Philadelphia, PA (SportsNetwork.com) - Sure, plenty of coaches were probably thinking it. But Florida's Will Muschamp actually had the guts to come out and say it.
At the Southeastern Conference spring meetings in Destin, Fla., last week, the Florida coach said his Gators would likely try to avoid scheduling games against Football Championship Subdivision (FCS) opponents in the future.
"We're probably going to move forward without playing FCS opponents," Muschamp said. "I think more than anything that (the College Football Playoff) is part of it, and our fan base, as much as anything, wants to see better opponents."
With this being the first season of a four-team FBS playoff system to determine a national champion, rather than the former BCS system's selected participants, Muschamp might be on to something.
In a world where only four teams are selected to join the playoff, and with dozens of teams (realistically) vying for a spot, strength of schedule could mean everything. And for a conference like the SEC, which has sent nine teams to the national championship game in the past eight years, the competition level is already exceedingly high, making it difficult for a team to stand out.
Muschamp is no stranger to FCS competition. Last year, his Gators fell 26-20 to Georgia Southern - a team that was in the process of moving from the FCS to the FBS level - in the final weeks of the regular season. That loss guaranteed his Florida team a losing record, so it's not like the Gators were much of a contender anyway.
But you see his point. The fact Georgia Southern won that game and received national attention was because it wasn't supposed to happen that way. When a team like Florida plays a lower-division opponent, the outcome is usually predictable.
In some cases, an FCS team comes away victorious. Last year, FCS teams notched 16 wins over FBS competition - a single-season record. So it's not to say the teams at the FCS level are unworthy of facing the FBS, and surely that's not what Muschamp is implying.
But a win for a strong FBS program over an FCS squad is highly likely and relatively inconsequential, whereas a loss can have devastating effects. That is what Muschamp looks to eliminate.
Florida will play Eastern Kentucky in the 2014 season on Nov. 22. The Colonels, who participate in the Ohio Valley Conference at the FCS level, went 6-6 last season and ended it on a three-game losing streak. They played Louisville in 2013, losing, 44-7. The game at Florida will end EKU's regular season, and, in all likelihood, a loss won't affect the Colonels much.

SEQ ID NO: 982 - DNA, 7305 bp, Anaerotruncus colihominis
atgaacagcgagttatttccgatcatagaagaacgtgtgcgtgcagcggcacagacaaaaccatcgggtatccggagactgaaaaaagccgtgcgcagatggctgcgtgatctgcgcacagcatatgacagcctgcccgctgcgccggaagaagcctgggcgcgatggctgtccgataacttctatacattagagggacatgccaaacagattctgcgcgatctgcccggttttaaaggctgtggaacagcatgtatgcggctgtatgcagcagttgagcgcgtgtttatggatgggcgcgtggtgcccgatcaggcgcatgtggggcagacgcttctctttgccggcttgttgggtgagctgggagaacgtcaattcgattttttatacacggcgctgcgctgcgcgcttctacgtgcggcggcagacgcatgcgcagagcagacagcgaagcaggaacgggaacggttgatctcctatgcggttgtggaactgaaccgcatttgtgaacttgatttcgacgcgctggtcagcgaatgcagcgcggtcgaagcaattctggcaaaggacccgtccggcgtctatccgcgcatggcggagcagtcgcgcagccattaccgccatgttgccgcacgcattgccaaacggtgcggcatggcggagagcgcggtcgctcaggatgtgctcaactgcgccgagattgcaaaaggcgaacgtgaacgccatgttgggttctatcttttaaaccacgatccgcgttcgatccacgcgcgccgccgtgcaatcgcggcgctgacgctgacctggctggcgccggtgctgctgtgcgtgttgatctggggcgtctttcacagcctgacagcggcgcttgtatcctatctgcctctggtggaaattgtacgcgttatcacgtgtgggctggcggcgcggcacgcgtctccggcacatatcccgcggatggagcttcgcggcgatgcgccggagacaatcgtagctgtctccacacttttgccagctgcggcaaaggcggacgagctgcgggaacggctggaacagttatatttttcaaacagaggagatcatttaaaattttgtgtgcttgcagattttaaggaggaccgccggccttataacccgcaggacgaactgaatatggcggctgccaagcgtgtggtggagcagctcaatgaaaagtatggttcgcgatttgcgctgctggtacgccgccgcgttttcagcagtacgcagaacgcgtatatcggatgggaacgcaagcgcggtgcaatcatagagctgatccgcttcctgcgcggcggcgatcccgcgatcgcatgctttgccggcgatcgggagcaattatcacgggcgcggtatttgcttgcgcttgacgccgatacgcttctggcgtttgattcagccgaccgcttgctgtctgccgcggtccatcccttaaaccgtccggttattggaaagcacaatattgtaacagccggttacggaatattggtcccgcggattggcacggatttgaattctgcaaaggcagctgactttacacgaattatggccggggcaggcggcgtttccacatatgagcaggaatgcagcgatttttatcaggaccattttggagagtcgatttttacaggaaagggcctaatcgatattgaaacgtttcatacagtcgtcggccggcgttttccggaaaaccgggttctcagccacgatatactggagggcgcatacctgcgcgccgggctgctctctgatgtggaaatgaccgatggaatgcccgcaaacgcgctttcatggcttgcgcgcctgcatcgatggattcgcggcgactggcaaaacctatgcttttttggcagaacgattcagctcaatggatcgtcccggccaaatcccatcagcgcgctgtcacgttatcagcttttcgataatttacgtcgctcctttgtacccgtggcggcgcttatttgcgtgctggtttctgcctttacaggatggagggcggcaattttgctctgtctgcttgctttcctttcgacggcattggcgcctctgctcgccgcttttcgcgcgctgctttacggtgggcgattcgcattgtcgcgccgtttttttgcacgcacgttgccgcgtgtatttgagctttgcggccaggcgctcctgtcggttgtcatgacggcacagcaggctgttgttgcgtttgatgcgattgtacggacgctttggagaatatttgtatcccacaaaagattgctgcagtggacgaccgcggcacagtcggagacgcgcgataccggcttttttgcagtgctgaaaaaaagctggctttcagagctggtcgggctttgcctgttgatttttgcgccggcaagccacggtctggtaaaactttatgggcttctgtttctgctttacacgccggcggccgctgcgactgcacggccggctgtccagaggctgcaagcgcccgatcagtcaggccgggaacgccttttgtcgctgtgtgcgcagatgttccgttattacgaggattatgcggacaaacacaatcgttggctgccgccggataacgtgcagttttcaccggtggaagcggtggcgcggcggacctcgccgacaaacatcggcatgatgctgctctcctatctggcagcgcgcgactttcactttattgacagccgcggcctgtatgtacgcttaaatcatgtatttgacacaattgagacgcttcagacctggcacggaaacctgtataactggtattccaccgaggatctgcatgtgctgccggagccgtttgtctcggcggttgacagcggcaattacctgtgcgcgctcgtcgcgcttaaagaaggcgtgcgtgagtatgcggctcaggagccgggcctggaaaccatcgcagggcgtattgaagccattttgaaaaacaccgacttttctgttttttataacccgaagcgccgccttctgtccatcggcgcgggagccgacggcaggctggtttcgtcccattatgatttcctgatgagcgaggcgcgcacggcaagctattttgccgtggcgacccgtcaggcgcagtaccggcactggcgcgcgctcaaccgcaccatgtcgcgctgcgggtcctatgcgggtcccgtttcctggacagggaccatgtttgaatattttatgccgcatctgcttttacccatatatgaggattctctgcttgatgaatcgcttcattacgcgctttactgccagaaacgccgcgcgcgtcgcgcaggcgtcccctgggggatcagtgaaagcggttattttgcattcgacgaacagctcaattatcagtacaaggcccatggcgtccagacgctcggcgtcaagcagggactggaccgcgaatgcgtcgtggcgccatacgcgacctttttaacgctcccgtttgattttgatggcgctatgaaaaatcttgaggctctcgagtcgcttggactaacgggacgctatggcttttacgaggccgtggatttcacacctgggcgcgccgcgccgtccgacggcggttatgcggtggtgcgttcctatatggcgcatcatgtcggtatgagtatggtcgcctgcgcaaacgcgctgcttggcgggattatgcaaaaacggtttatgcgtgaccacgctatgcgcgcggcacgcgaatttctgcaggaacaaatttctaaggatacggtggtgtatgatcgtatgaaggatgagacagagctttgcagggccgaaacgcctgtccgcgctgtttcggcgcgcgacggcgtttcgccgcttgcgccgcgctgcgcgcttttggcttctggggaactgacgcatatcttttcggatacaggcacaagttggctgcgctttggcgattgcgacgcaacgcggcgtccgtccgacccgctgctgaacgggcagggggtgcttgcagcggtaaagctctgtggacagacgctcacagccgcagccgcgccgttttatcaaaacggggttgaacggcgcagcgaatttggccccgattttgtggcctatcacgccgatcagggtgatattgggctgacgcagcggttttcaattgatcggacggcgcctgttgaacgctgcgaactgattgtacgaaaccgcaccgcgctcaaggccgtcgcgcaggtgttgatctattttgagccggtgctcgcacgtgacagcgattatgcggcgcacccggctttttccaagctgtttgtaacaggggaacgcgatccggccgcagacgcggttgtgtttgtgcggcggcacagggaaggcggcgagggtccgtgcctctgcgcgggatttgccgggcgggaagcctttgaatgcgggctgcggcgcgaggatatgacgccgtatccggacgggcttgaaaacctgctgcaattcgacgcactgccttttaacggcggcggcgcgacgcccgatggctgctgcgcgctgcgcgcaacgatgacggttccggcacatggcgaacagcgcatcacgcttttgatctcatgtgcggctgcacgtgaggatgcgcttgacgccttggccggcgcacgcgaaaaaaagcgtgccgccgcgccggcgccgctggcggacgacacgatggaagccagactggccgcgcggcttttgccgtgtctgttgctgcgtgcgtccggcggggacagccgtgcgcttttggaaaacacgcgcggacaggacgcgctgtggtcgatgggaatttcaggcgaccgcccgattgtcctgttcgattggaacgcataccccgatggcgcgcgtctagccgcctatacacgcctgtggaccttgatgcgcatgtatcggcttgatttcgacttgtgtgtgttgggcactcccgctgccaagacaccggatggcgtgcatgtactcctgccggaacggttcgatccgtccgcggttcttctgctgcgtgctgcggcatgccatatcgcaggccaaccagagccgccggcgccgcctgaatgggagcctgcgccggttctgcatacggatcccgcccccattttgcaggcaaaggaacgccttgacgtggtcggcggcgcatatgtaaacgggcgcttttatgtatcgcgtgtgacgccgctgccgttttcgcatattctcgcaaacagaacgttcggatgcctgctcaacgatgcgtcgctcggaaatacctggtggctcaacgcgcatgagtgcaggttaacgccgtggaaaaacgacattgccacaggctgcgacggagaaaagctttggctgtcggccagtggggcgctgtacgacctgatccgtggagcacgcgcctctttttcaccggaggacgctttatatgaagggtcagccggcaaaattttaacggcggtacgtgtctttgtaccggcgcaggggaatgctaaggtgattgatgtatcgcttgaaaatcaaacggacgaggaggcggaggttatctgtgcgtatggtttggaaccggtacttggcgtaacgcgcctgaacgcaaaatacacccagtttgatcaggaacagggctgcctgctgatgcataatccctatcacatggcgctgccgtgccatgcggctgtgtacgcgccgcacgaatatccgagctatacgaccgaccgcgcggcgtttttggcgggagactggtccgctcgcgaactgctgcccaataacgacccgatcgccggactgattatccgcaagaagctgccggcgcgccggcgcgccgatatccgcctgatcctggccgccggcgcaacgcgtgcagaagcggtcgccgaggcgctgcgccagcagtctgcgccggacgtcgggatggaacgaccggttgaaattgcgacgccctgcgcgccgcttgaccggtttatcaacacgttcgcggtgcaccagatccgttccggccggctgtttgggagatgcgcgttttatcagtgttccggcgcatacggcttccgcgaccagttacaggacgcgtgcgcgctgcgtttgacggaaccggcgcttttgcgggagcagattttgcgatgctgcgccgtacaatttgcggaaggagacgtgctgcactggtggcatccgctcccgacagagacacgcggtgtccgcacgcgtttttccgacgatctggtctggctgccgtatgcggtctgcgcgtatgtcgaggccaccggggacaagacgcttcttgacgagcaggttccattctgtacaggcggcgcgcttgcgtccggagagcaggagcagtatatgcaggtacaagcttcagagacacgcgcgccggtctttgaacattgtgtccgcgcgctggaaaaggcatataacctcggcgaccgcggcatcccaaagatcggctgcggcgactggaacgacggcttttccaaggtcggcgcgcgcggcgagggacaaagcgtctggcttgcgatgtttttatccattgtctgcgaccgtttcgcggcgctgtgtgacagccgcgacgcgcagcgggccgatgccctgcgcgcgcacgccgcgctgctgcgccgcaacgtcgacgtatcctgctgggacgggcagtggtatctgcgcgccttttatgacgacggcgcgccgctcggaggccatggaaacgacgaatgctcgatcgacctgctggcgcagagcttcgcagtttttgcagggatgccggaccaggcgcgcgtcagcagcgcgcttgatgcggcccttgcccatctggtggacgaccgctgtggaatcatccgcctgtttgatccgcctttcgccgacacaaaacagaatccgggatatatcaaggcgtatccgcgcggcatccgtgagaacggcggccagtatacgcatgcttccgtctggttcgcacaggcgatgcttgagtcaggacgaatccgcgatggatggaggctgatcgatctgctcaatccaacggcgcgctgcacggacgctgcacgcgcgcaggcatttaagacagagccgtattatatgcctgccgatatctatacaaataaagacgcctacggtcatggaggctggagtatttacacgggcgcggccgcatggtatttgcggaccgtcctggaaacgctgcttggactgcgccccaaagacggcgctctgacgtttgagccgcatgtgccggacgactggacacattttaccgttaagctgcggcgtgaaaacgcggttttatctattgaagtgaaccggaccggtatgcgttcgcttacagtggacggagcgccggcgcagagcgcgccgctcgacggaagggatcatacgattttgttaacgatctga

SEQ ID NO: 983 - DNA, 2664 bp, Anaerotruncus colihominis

But after the 2014 season, there is no lower-division opponent on any schedule for the Gators.
Jeremy Foley, the Florida athletic director and Muschamp's boss, said sometimes scheduling games against FCS opponents isn't avoidable.
"I understand what Will's saying," Foley said. "In a perfect world, you play all D-I schools. But also you have to have 12 opponents."
He wasn't the only one to point out the complexities of filling out a full schedule. Alabama coach Nick Saban said he and the athletic department at 'Bama try not to schedule FCS opponents, but it's not the easiest thing in the world to complete a full 12-game slate.
"I don't know that we have a choice sometimes," Saban said. "We can't just call people up and say, `We want to have a game.' It's not like setting up a golf game. ... Outside of the neutral-site game we do and our conference games, we struggle to schedule three other games."
Alabama took on FCS program Chattanooga last Nov. 23, and won, 49-0.
SEC commissioner Mike Slive said the decision to schedule games against lower- division opponents is an institutional one, and he has no plans to dictate the scheduling.
But it sounds like the common thought among SEC coaches is already taking a turn down that road of phasing out these smaller contests. And, as Muschamp alluded, the fans want to see high levels of competition and not what should be easy victories.
The SEC, along with the other power conferences in the college football nation, makes money by selling tickets and merchandise. Nothing draws more of a crowd to a football game like a rivalry contest, or a conference clash. Alabama taking on Chattanooga, while intriguing to some, isn't the marquee matchup fans of the Crimson Tide wanted to see down the stretch of last season.
In the end, which team would you rather see in the college football playoff, a team that beats an FCS program handily in the final week of the season or one that beats a formidable D-I opponent? Should the playoff selection committee members need something to hang their decision on, it will come down to strength of schedule. And while the FCS is making huge strides in the way of increasing its talent level, this is a completely different discussion.
Sure, Appalachian State defeating Michigan in the season opener of the 2007 season took the nation by storm, and Arkansas coach Bret Bielema called it something that "makes college football pretty cool." But in this new era of playoff football (which will hopefully expand in the coming years), maybe Muschamp is right.
Maybe it's best for potential playoff teams to ditch the lower-division games and give way to greater competition to further prove their worth.